of course, all of this is to say that i think, and will maintain for all my days, that art's purpose is, in fact, to communicate Truth, within and between communities, starting with the individual. it is an inherently communal enterprise. it is purposeful in its intent to connect. to commune, i.e. to make something 'common' or shared. i think it is counter to the purposes and, indeed, the character of God, who has made us in his image as creative beings - and even some of us with the calling of the artist - to present anything but Truth, on whatever level or about whatever subject. in fact, it is therefore blasphemous, a gross and perverse misrepresentation, to live anywhere or anyway else.

all i want is the Truth.

just give me the Truth.

Tuesday, August 11, 2009

chicago, chicago, that happenin' town

we went to the art institute of chicago on our 10th anniversary road trip. unfortunately, we didn't make it to the contemporary art museum. next time. however, there were some beautiful pieces there. highlights (and revelations) for me were:

cy twombly - big splashy paintings. surprisingly colourful. like gigantic peonies mashed on the canvas. the surprise for me was the size of his minimal and elegant sculptures. of course, they will eventually be a conservator's nightmare...

gerhard richter - there was a room of his paintings, both the photo-based work (from the 60s and 80s - loved the candles) and the large abstract field (ice) paintings. his work is really about vision - seeing. the act of looking.

bruce nauman - i've always found him a polarizing, though important figure. i think he, warhol and duchamp are very much touchstones for a lot of contemporary work. there was a neon piece - human nature/life death; a text piece - in which he plays with possibility and permutations of a single line of text, exploring permanence and meaning; and some video pieces - the clown torture series, which were maddening. annoying. grating.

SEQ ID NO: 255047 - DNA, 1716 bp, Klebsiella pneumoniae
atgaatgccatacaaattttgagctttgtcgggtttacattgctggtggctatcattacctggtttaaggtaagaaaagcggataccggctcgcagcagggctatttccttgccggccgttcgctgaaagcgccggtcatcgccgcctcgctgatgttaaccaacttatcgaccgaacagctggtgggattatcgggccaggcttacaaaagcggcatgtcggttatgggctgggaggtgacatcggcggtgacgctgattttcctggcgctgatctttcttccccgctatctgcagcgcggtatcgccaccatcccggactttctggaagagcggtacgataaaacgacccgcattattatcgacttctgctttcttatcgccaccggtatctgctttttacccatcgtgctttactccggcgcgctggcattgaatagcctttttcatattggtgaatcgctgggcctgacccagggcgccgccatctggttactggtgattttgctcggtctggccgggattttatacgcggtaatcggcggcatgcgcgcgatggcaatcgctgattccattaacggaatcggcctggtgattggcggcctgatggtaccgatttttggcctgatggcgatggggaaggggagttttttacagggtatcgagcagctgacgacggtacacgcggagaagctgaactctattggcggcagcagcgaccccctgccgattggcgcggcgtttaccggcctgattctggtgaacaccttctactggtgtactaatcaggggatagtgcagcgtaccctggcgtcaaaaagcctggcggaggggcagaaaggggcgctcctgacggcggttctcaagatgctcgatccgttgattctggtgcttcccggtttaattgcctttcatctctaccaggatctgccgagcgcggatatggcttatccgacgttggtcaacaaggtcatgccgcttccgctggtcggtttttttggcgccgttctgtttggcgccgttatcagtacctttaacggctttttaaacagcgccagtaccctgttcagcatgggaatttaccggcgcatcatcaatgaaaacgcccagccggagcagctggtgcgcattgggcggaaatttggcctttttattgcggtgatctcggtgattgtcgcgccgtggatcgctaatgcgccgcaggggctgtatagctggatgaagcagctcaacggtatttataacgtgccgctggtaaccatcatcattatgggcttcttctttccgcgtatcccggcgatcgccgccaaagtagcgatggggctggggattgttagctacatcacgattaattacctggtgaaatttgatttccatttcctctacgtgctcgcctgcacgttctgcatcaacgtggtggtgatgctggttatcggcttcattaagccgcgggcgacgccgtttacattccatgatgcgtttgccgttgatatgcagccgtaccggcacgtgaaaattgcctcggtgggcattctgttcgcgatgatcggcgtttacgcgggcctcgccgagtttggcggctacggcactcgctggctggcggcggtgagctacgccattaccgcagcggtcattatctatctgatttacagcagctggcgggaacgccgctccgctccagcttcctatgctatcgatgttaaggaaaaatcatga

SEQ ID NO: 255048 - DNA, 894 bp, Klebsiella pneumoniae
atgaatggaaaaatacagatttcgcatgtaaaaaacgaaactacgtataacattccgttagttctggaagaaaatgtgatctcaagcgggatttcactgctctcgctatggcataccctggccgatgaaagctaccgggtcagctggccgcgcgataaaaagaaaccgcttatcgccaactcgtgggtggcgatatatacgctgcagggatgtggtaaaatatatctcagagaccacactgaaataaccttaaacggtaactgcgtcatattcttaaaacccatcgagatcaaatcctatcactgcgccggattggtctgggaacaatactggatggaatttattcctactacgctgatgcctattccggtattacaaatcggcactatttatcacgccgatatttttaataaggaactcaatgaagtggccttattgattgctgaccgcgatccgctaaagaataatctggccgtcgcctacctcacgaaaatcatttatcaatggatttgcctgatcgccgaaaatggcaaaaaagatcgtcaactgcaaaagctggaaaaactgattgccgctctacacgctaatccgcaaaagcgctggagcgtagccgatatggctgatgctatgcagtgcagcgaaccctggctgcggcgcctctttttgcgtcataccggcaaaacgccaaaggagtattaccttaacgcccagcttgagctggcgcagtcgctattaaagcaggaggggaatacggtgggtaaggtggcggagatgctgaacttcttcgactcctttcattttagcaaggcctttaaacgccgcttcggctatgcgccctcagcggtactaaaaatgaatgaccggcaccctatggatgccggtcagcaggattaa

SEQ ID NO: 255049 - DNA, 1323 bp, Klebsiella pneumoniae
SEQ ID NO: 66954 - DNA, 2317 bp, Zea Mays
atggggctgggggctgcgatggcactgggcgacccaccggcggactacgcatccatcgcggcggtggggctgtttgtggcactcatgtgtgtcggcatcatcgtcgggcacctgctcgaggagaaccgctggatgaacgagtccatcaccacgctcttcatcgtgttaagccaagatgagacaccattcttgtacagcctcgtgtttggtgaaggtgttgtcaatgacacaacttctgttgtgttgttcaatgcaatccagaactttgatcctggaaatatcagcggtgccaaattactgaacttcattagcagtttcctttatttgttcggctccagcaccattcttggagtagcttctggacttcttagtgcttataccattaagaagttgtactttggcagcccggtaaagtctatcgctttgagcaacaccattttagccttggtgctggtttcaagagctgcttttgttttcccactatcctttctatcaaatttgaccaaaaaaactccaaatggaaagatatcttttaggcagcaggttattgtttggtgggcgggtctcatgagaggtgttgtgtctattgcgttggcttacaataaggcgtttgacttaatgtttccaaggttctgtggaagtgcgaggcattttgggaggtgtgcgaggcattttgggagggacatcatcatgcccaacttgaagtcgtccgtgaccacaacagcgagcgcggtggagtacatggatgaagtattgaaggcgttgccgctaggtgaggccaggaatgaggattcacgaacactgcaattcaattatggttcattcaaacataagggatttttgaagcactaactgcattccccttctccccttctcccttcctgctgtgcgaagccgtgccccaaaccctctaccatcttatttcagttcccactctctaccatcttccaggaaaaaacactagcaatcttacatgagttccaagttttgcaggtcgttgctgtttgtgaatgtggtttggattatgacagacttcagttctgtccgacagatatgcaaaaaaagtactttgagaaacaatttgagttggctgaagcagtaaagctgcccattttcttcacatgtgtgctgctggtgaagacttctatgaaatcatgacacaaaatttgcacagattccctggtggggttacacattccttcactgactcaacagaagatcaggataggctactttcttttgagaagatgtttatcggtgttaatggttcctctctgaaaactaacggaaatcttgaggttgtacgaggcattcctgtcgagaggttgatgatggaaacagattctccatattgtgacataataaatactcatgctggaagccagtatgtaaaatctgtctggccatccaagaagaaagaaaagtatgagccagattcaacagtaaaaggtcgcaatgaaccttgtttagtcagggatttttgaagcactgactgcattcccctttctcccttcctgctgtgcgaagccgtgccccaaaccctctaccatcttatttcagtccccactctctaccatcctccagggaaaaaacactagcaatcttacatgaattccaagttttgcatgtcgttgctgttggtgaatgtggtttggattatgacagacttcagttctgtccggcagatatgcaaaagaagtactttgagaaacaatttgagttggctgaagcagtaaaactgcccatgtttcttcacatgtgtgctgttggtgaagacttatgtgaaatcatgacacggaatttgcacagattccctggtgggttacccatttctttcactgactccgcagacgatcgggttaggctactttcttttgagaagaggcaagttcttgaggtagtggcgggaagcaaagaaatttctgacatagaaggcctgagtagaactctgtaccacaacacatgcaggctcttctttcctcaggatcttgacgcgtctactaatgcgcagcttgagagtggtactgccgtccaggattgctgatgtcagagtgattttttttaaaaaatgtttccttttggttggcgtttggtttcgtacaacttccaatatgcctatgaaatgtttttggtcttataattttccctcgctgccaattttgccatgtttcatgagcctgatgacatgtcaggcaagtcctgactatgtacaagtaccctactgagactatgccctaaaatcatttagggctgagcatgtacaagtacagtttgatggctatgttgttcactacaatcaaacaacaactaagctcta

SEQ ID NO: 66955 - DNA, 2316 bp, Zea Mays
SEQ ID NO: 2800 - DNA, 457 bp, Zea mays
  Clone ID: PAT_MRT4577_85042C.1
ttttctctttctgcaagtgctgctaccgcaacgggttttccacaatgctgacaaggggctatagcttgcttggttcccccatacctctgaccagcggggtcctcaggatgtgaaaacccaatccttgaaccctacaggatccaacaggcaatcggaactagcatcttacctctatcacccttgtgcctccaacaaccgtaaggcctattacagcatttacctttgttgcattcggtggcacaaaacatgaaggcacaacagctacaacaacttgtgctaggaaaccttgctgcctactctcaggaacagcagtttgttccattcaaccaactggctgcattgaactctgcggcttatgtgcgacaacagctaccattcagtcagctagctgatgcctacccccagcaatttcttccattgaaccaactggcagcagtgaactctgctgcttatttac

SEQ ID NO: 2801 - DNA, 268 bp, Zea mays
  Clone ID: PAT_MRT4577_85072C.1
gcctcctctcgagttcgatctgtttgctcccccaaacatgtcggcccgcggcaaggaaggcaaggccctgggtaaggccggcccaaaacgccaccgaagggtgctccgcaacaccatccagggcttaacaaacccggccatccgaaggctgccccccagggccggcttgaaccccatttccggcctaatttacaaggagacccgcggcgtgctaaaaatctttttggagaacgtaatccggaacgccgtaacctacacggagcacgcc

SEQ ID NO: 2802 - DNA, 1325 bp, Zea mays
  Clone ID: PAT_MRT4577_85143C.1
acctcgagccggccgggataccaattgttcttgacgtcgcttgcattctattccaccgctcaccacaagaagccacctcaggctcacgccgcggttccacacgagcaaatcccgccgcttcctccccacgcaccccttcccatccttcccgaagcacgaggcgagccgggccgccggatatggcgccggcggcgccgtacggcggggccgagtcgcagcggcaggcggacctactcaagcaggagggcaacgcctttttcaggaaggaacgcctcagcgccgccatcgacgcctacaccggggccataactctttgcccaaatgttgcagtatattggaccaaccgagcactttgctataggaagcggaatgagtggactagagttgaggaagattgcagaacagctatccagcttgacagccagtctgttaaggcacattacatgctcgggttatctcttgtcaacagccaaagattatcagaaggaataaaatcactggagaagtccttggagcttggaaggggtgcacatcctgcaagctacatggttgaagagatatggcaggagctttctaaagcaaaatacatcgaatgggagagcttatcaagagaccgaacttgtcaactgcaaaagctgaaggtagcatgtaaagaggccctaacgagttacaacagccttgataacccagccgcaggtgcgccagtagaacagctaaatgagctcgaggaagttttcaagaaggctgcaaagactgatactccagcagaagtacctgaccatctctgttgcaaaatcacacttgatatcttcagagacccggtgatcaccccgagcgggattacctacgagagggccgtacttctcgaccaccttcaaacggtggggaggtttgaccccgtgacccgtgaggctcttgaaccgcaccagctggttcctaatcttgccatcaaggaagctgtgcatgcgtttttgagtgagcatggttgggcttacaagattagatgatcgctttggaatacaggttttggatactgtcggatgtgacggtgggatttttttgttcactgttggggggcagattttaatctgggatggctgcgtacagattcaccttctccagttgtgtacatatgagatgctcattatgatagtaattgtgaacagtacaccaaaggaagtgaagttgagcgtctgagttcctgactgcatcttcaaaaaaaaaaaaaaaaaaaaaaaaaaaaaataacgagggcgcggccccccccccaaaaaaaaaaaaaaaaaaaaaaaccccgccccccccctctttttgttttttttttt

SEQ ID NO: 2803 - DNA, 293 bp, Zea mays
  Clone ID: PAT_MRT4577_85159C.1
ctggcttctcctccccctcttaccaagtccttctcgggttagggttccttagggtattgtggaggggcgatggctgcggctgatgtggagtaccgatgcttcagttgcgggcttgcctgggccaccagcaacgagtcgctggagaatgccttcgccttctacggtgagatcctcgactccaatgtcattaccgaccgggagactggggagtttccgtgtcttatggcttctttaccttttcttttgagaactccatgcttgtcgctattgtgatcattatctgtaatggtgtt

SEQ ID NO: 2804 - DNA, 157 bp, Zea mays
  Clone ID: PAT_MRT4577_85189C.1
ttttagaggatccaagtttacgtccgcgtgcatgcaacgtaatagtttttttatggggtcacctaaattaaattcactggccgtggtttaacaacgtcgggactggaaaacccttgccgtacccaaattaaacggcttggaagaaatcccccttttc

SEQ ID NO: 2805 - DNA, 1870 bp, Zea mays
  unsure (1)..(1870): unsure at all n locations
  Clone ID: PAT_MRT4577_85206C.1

robert gober - i'd never seen his installations, and here i saw 2! sure, they're layered and multivalent and double-sided, but they're also quite elegant and open. i especially love the fact that all the objects are hand-made - plaster casts and glass casts - and hand-painted; not the industrially produced objects they seem to be at first glance.

philip guston (born in canada, btw) - couple in bed is a lovely painting, devotional even.

sol le witt - there was a great wall piece...

lastly, there was an astounding (and huge) caravaggio: the resurrection. what a strange painting. otherworldly. yes, he could paint - textures, skin, shadow and light. but it all seemed so surreal. a fascinating painting...

the medieval wing was closed, which was disappointing.

the real [chicago] highlights for me, however, were the public art installations.

1. anish kapoor's cloud gate - 110 tons of fun. i've loved his work for decades. i could speak about the sense of the sublime in his work, the ineffable, the 'spiritual' -- but instead i'll note how his work always disturbs my equilibrium - i always feel de-centered when i look at this work, and cloud gate is no exception. not only that, it's a tourist bonanza. it was pretty crowded outside it, but inside, in the swirling vortex at its center, it was even more packed. people filming themselves and each other. very communal. brilliant.

2. magdalena abakanowicz's installation agora (greek for meeting place). 100+ walking figures fill grant park. her work has always spoken to relationships, from her early performances (public sculptures) with her then partner ulay to more recent pieces. this piece is powerfully affective - as you walk through from the periphery to the center, where the figures are more densely grouped, you feel the press and presence of these sentinels, these faceless witnesses.

3. the crown fountain - a 230' pool is book-ended by two 50' fountains, glass block towers with LED projections of chicagoans' faces. fun. and absolutely astounding at night.

4. frank gehry's jay pritzker pavilion, a 120' high stainless steel spaceship of a concert stage. unbelievable.

i'm running out of superlatives. i will visit chicago again. definitely.